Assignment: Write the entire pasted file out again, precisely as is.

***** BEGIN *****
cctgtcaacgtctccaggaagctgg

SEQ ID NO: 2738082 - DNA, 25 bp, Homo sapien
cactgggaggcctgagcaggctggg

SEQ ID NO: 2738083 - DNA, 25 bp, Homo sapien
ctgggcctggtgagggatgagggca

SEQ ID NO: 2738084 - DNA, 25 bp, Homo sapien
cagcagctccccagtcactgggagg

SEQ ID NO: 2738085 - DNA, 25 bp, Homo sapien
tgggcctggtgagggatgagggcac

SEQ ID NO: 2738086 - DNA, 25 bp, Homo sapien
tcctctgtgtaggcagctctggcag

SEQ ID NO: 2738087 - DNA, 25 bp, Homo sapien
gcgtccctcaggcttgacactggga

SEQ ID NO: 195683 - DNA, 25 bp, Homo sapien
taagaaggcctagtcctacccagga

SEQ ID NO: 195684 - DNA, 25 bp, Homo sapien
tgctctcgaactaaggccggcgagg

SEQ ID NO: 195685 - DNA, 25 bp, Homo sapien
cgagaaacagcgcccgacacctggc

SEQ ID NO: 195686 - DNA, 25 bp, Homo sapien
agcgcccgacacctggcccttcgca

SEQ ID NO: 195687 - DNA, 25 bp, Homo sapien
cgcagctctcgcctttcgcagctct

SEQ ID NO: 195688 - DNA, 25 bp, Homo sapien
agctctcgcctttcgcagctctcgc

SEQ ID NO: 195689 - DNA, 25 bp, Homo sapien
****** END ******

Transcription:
cctgtcaacgtctccaggaagctgg

SEQ ID NO: 2738082 - DNA, 25 bp, Homo sapien
cactgggaggcctgagcaggctggg

SEQ ID NO: 2738083 - DNA, 25 bp, Homo sapien
ctgggcctggtgagggatgagggca

SEQ ID NO: 2738084 - DNA, 25 bp, Homo sapien
cagcagctccccagtcactgggagg

SEQ ID NO: 2738085 - DNA, 25 bp, Homo sapien
tgggcctggtgagggatgagggcac

SEQ ID NO: 2738086 - DNA, 25 bp, Homo sapien
tcctctgtgtaggcagctctggcag

SEQ ID NO: 2738087 - DNA, 25 bp, Homo sapien
gcgtccctcaggcttgacactggga

SEQ ID NO: 195683 - DNA, 25 bp, Homo sapien
taagaaggcctagtcctacccagga

SEQ ID NO: 195684 - DNA, 25 bp, Homo sapien
tgctctcgaactaaggccggcgagg

SEQ ID NO: 195685 - DNA, 25 bp, Homo sapien
cgagaaacagcgcccgacacctggc

SEQ ID NO: 195686 - DNA, 25 bp, Homo sapien
agcgcccgacacctggcccttcgca

SEQ ID NO: 195687 - DNA, 25 bp, Homo sapien
cgcagctctcgcctttcgcagctct

SEQ ID NO: 195688 - DNA, 25 bp, Homo sapien
agctctcgcctttcgcagctctcgc

SEQ ID NO: 195689 - DNA, 25 bp, Homo sapien